Cannabis Poses A Real Threat To Alcohol Industry

In November, 2017 Canopy (WEED.T) announced they received a $245 million CAD investment in large alcohol participant Constellation Brands (STZ.N) in trade for 9.9% equity in Canopy. At June 2018, Constellation Brands increased its bet and gained $200 million CAD value of convertible debt securities issued by Canopy.

Constellation might be gambling on Canopy’s victory to hedge against a possible drop in earnings from their alcohol brands. Georgia State University found that alcohol purchases decreased by 15 percent in counties in states with medical marijuana legislation. Counties where cannabis might be legally obtained had 20% reduced alcohol sales compared to neighboring counties across country boundaries where it was still outlawed.

California legalized cannabis on January 1st, 2018. California has always been known as a key destination for partiers from the US and across the world.

The legal marijuana sector may emerge to become among the greatest threats to the multi-billion dollar drink alcohol industry, according to a new report from a top analytic company.

The IWSR, the leading source of information and intelligence on the alcoholic beverage market, together with and BDS Analytics, says an increasing number of consumers, especially millennials, are showing a preferences to consume both booze and buds, compared to older generations which are inclined to stick with only one. That could cut into long-term loyalty efforts by beverage makers, especially those from the beer and spirits fields.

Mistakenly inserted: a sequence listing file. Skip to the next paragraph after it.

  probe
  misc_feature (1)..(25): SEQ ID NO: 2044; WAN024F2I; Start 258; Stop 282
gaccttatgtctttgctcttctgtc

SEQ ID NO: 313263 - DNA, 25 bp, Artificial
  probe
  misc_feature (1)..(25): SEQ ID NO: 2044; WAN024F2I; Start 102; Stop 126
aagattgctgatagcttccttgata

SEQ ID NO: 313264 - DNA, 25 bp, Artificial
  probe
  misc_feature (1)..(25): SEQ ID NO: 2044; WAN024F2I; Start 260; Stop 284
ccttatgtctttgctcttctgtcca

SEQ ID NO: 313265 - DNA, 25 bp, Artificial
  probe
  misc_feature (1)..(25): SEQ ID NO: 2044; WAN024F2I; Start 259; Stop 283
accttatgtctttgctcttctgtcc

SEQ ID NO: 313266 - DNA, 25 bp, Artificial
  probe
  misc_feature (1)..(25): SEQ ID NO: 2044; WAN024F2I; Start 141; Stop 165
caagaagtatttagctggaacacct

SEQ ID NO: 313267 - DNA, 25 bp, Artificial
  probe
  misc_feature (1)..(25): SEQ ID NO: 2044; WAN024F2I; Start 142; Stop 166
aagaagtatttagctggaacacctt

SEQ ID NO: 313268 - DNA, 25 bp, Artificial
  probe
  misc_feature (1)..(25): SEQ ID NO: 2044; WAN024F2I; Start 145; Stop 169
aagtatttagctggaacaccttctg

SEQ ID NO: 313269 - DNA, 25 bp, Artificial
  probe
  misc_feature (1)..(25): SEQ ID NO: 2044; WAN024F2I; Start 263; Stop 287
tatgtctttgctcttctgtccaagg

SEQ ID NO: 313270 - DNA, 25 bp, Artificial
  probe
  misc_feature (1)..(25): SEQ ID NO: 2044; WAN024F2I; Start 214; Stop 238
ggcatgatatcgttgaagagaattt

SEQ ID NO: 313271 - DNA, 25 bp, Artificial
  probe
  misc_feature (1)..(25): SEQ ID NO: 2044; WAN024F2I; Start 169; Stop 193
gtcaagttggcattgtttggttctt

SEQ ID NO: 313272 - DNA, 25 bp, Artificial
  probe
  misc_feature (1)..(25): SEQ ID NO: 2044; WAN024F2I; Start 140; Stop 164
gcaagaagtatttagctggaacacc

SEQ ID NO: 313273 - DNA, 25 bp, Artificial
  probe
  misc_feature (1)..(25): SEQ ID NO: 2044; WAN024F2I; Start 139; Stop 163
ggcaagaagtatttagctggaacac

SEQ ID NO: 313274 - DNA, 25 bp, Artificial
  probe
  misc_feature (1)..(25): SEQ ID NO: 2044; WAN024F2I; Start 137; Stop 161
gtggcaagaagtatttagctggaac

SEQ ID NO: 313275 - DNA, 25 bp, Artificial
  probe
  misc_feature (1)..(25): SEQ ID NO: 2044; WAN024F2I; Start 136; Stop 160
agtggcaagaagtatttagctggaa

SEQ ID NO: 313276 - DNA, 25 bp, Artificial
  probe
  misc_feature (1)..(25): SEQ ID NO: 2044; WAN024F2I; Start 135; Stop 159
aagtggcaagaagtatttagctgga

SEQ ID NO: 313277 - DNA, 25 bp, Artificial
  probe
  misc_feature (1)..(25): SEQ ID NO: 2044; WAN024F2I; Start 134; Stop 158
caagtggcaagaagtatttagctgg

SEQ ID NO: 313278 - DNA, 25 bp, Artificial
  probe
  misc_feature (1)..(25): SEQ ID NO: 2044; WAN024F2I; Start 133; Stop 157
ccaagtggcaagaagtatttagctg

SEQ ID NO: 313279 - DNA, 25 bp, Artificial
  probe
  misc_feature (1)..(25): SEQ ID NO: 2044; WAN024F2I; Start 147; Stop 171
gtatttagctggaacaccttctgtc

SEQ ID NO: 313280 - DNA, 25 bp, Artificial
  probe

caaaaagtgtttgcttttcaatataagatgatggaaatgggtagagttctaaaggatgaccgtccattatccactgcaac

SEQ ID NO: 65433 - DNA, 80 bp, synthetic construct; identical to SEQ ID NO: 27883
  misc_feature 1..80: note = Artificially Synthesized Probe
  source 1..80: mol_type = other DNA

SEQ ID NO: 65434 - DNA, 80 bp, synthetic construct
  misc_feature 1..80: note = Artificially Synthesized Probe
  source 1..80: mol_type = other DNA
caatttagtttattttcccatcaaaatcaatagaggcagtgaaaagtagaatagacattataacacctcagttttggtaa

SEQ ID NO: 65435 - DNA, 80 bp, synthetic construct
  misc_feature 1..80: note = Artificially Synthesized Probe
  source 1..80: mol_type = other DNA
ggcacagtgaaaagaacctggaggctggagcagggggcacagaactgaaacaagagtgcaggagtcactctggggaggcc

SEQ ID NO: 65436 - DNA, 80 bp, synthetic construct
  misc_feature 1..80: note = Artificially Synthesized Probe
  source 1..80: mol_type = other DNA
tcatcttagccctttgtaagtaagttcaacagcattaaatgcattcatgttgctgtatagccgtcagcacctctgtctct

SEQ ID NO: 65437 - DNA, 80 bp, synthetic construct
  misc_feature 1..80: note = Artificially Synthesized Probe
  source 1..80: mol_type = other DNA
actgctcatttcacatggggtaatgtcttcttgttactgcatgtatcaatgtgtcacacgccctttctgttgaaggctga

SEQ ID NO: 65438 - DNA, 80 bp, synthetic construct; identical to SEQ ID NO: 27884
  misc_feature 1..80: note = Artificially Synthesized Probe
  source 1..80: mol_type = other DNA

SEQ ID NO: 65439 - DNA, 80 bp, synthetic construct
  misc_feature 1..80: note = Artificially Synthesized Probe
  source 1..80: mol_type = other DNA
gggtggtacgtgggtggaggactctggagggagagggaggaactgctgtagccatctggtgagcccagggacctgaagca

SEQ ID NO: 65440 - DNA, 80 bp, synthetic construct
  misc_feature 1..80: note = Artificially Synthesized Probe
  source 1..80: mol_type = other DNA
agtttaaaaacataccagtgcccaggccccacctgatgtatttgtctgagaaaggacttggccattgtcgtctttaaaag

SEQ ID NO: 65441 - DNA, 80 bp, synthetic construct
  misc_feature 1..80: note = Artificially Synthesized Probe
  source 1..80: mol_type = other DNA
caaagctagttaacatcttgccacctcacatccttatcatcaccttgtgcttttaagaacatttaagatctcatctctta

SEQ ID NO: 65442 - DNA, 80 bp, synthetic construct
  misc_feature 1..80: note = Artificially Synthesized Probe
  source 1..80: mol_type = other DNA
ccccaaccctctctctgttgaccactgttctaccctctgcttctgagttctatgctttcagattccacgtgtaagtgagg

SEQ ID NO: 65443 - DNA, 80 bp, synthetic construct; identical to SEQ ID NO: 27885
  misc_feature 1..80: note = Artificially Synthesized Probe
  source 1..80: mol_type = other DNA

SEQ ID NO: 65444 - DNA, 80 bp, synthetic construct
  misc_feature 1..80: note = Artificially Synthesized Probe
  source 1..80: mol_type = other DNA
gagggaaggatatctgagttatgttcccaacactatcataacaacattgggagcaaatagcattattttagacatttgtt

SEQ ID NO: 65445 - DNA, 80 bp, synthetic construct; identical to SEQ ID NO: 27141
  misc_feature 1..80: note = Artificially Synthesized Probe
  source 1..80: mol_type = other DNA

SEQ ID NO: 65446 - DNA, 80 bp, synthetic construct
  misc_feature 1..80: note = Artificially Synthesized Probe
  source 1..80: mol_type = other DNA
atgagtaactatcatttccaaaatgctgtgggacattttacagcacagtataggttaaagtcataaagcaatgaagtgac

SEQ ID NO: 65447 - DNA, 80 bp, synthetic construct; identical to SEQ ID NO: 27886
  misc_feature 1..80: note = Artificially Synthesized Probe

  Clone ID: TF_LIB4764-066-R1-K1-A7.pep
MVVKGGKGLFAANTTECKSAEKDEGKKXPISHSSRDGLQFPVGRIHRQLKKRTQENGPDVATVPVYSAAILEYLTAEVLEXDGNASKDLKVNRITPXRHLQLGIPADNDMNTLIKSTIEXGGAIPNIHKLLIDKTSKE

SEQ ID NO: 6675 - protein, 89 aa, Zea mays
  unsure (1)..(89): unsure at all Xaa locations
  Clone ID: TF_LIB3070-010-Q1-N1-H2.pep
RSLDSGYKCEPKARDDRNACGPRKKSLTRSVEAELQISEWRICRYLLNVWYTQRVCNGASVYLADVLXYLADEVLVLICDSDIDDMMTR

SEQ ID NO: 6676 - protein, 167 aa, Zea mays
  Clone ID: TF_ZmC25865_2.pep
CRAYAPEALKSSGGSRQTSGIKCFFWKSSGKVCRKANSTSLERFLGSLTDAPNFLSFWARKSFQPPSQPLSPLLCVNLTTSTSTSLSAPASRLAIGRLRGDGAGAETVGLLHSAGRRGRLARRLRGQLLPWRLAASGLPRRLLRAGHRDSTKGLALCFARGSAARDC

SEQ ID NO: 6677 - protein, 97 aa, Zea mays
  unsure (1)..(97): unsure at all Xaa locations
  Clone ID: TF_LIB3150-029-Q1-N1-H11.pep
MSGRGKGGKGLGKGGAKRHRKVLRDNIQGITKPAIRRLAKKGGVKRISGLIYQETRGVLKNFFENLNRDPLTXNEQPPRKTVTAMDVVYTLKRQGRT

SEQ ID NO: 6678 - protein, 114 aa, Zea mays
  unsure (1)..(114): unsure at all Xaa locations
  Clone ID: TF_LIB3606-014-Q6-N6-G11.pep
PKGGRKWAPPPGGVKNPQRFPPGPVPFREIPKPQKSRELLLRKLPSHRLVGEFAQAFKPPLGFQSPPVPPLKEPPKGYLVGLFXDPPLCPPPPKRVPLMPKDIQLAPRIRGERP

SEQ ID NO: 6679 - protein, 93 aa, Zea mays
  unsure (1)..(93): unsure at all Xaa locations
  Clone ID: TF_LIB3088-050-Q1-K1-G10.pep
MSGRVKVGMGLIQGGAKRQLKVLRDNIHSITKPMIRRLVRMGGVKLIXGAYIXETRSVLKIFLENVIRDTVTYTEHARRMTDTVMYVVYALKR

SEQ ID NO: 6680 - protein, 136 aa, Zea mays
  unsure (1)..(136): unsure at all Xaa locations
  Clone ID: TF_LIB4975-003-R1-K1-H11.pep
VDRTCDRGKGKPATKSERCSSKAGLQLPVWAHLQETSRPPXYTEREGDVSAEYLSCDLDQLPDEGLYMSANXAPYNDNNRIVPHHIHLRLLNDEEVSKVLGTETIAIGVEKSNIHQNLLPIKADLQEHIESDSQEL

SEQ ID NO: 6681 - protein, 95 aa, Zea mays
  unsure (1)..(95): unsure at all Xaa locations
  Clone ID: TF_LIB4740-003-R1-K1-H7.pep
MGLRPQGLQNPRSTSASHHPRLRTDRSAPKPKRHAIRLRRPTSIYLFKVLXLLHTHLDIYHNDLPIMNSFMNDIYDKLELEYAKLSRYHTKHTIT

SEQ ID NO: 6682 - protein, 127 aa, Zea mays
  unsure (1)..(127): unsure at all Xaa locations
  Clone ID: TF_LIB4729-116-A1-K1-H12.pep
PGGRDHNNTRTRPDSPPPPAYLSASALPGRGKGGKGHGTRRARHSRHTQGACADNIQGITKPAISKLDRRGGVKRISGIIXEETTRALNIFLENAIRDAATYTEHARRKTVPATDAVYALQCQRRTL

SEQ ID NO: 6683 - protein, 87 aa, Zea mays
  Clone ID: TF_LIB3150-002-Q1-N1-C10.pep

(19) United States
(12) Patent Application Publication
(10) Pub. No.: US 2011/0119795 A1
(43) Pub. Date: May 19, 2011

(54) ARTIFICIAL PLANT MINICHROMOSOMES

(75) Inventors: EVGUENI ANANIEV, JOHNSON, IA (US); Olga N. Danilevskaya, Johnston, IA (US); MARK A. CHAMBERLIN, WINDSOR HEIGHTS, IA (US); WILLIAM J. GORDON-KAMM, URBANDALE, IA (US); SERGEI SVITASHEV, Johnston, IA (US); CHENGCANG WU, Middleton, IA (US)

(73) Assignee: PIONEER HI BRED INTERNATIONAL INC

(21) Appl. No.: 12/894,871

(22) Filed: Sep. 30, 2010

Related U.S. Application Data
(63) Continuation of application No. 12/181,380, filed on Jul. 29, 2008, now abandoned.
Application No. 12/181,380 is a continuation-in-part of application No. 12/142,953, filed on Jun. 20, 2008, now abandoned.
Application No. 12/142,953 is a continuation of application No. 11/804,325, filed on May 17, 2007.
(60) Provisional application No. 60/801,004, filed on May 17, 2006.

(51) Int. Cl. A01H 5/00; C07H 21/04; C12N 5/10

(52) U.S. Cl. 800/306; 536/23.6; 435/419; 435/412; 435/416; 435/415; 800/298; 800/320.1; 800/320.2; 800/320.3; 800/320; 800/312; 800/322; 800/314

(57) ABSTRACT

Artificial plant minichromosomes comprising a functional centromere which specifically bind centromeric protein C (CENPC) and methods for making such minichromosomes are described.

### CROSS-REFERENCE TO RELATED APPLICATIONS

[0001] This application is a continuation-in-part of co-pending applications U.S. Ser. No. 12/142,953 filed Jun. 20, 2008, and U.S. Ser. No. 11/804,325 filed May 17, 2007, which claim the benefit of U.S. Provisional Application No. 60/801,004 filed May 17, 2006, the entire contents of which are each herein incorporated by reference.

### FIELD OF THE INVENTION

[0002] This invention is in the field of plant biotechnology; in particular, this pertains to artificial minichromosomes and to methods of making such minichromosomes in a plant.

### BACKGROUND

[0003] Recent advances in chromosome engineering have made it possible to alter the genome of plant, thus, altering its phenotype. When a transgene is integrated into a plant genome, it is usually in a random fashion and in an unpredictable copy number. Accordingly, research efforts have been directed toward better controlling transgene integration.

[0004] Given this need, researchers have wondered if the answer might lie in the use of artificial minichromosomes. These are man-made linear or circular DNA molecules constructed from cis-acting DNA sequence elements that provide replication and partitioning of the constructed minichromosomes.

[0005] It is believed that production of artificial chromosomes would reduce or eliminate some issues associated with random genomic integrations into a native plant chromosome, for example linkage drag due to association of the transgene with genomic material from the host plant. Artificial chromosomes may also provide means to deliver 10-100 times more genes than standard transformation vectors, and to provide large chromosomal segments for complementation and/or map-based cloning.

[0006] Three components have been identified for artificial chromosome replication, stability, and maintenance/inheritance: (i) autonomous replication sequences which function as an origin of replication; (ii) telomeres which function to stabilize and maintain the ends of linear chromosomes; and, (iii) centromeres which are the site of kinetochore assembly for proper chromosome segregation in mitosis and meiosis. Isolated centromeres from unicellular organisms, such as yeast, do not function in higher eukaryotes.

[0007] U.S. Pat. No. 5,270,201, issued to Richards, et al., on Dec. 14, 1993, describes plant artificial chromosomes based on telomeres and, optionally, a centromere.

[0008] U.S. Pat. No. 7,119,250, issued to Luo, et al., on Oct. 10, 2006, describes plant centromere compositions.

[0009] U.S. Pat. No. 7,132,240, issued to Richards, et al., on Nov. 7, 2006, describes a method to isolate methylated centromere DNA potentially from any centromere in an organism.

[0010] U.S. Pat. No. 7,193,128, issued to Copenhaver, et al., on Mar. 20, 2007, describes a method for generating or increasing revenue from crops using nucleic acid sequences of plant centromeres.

“Our study indicates that around 40% of adults 21 and over eat cannabis in states in which it is legal,” said Jessica Lukas, vice-president at BDS Analytics. “Cannabis presents considerable opportunities across consumer businesses, including new events that alcohol can’t and will not play. Consumers may continue to seem to cannabis products over alcohol for events when they are feeling creative, want to get motivated, or seeking health, medical or health benefits.”

Surely, cash spend on cannabis isn’t necessarily cash taken away from alcohol businesses. But the IWSR is warning that manufacturers of adult drinks need to start anticipating consumer’s shifting demands now if they would like to avoid trouble in the future.

This past year, Americans drank 3.345 billion instances of alcohol, a 0.8% decrease from 2017. That worked out to about 7.9 billion gallons of booze, roughly 160 million bathtubs full.

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